Even though the truth about protein as delineated in this article, and its role in human nutrition, have been known for nearly a century, there still rages a conflict and welter of confusion on the subject.
The misconceptions are primarily fostered by commercial businesses that are selling protein products, primarily meat and milk products. Even our American government serves these entrenched interests. The truth will not drown but ever keeps rising to fuel the fire of this controversy. At the outset I would like to dispel some of the prevalent myths about protein.
MYTH NO. 1: We must have meat for best health. The argument goes that the best source for protein is meat inasmuch as it has all the requisite amino acids in a very assimilable form. Even the eminent (in so-called health food circles) Carlton Fredericks has gone on record as stating that the more nearly the composition of the flesh is to human flesh the more wholesome it is for us. Of course there was never a better argument made for cannibalism than this!
The “we must have meat” argument is obviously good for the meat-packing industry but it is patently absurd—the argument obviously destroys itself. If this were true every species could live from other animals but best of all from its own kind! The fact that almost all animals, including humans, do not have the anatomical and physiological equipment to make good use of any kind of meat is conveniently overlooked or denied. Cattle, rabbits, elephants, horses, etc., are herbivores and are equipped only for a leaf/grass diet. There are a class of graminivores, primarily birds, that thrive on the grains of various grasses. There are other animals that thrive on fruits. And so it goes. Every animal has a class of food to which it is adapted.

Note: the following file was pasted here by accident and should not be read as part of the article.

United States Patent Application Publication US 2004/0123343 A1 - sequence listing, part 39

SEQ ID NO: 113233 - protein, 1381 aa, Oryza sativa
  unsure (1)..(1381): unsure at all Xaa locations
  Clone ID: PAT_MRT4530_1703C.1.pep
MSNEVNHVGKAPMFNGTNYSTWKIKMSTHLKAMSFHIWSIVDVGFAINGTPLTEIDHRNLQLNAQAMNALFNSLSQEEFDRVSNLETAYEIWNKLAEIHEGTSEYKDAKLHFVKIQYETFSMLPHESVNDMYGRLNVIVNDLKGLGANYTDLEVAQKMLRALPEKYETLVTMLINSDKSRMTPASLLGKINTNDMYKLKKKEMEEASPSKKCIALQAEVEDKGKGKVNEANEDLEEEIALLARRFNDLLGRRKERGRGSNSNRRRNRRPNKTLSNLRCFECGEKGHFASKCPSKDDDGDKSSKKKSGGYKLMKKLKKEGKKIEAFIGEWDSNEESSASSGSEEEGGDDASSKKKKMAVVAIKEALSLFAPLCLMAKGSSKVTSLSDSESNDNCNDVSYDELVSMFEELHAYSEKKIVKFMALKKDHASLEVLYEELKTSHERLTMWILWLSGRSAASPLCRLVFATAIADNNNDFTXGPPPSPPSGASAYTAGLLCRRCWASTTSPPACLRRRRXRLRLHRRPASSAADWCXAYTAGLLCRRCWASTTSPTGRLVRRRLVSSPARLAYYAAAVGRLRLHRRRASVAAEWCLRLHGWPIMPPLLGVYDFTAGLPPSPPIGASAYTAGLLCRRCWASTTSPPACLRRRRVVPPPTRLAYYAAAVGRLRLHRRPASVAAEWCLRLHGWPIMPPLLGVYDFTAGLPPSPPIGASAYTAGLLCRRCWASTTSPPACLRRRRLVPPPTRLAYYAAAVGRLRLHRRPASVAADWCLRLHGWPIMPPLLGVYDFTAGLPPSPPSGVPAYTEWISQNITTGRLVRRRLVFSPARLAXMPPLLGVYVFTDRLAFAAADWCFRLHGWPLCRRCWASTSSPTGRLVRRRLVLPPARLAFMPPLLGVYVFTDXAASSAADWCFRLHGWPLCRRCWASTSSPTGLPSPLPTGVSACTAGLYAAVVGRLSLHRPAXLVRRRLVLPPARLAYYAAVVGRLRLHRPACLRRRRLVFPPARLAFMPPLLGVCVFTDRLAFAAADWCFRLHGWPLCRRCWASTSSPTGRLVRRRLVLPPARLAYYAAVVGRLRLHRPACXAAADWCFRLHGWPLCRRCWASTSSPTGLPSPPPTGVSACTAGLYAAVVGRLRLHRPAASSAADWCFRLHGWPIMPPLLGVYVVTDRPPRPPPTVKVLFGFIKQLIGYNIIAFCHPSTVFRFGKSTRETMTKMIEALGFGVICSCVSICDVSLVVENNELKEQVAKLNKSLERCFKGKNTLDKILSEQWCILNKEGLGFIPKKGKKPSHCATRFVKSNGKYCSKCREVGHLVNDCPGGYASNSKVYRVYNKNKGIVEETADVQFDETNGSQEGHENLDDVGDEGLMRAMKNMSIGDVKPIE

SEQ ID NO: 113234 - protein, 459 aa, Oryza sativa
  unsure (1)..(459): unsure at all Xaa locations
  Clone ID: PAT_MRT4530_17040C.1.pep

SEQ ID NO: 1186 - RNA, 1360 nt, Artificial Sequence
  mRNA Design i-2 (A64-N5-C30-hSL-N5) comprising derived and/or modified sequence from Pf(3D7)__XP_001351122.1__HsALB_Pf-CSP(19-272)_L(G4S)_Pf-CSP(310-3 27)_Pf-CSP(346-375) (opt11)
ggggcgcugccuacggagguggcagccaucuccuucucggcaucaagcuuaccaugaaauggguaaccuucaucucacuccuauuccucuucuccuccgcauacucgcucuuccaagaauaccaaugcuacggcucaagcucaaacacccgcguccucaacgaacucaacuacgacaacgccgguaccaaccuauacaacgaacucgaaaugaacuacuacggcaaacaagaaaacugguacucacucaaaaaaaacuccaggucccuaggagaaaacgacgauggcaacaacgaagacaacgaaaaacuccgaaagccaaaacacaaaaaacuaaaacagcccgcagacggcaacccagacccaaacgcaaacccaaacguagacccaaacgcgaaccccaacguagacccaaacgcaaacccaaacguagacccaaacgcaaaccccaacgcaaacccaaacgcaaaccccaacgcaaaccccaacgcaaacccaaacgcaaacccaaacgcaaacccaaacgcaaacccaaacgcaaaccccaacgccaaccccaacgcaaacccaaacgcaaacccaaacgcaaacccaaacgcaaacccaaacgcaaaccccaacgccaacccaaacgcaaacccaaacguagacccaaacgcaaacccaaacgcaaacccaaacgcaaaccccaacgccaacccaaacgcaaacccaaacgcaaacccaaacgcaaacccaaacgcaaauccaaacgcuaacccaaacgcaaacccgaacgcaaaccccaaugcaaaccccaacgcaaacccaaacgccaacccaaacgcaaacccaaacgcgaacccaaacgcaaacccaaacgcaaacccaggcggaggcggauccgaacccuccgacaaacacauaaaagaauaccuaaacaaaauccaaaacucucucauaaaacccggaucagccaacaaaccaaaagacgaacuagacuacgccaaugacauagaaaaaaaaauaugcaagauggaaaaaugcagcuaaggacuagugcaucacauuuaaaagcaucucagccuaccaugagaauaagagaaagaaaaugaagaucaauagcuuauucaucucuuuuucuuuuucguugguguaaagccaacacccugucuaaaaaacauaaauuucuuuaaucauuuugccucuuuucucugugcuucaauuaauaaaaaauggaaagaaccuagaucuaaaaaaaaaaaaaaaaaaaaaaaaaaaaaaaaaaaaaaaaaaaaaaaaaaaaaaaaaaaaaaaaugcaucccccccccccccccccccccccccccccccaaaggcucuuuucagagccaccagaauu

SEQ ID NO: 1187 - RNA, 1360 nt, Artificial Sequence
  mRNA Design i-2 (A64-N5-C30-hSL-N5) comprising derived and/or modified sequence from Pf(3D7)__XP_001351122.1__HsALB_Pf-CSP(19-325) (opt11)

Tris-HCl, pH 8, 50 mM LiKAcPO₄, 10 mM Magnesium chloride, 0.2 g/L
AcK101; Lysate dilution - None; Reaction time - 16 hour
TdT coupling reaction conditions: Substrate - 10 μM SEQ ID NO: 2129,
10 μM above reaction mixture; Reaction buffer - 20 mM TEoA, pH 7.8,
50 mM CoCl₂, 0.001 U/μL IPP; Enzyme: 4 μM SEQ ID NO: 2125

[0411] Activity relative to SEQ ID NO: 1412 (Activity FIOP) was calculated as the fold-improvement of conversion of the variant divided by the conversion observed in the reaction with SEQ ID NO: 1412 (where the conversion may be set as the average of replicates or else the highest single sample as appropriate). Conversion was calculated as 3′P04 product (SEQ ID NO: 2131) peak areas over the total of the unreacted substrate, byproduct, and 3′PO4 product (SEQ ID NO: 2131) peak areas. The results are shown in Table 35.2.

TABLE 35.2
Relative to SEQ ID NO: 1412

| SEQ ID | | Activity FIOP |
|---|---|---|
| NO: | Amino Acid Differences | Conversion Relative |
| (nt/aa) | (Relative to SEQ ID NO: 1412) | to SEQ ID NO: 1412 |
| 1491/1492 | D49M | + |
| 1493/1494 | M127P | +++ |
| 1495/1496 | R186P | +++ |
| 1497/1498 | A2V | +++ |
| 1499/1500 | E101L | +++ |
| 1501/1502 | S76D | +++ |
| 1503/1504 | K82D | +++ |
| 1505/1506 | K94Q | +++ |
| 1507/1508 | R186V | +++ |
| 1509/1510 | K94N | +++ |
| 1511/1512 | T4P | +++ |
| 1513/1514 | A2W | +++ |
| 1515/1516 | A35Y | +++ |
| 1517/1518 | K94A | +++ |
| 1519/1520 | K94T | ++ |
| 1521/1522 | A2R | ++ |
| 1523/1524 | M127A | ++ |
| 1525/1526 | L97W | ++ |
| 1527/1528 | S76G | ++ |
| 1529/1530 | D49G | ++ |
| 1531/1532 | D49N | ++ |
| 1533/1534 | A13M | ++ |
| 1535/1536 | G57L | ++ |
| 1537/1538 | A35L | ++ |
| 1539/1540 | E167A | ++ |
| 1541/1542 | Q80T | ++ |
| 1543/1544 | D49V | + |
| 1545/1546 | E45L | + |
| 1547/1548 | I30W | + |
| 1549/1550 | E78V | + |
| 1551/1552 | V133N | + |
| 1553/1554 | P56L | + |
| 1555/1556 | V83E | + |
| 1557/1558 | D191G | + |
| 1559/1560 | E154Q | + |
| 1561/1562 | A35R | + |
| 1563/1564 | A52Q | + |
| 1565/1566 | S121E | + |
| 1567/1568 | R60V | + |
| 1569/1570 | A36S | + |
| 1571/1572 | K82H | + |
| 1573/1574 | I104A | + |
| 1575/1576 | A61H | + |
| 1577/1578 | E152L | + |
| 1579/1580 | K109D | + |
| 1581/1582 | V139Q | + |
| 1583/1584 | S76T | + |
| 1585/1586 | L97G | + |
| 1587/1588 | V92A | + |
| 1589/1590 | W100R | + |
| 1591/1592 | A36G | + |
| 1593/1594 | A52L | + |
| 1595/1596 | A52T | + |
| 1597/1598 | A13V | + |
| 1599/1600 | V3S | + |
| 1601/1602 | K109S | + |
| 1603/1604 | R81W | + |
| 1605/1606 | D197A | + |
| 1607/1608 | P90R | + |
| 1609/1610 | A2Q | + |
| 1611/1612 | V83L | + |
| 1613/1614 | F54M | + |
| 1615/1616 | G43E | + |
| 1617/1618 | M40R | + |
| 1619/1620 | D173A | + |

Humans are anatomically and physiologically adapted to a diet of fruits, vegetables and nuts and can profitably use certain seeds and legumes under certain conditions. That this is true is denied by commercial interests and their “scientific” apologists. An educated populace would bring an end to their niche in the marketplace. Not even carnivores thrive on an all-meat diet. For humans, meat is a pathogenic and deficient food.
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MYTH NO. 2: We must have all the essential amino acids at every meal. This argument is based on two premises: (A) That the body does not store protein or amino acids and (B) that, in order to synthesize protein, no more protein can be created by the body than the amount creatable as determined by the least bountiful supply of the essential amino acids. Every protein link requires so much of such and such amino acids and if any are missing from the meal, no proteins requiring these amino acids can be synthesized. This argument, too, is absurd. It is not necessary to point out with detail that man and animals fast for lengthy periods and that, instead of suffering protein deficiency, the end of the fast finds them with restored protein balance!
MYTH NO. 3: A high-protein diet is healthful and the body requires about one gram of protein for each two pounds of body weight. Obviously the body needs only what it needs and can use no more than what it needs. This “just right” amount of protein has been determined to be about one gram for each five pounds of body weight for mature humans of normal disposition. The one gram for each two pounds of body weight is about what a baby requires for maintenance and rapid growth. Obviously adults do not require as much. The belief in a high-protein diet or that we cannot get too much of it is a source of highly pathological eating practices among Americans and other peoples of the world. It is fitting that we have this little tome to set aright the attitude of those whom it touches in this most crucial aspect of human nutrition.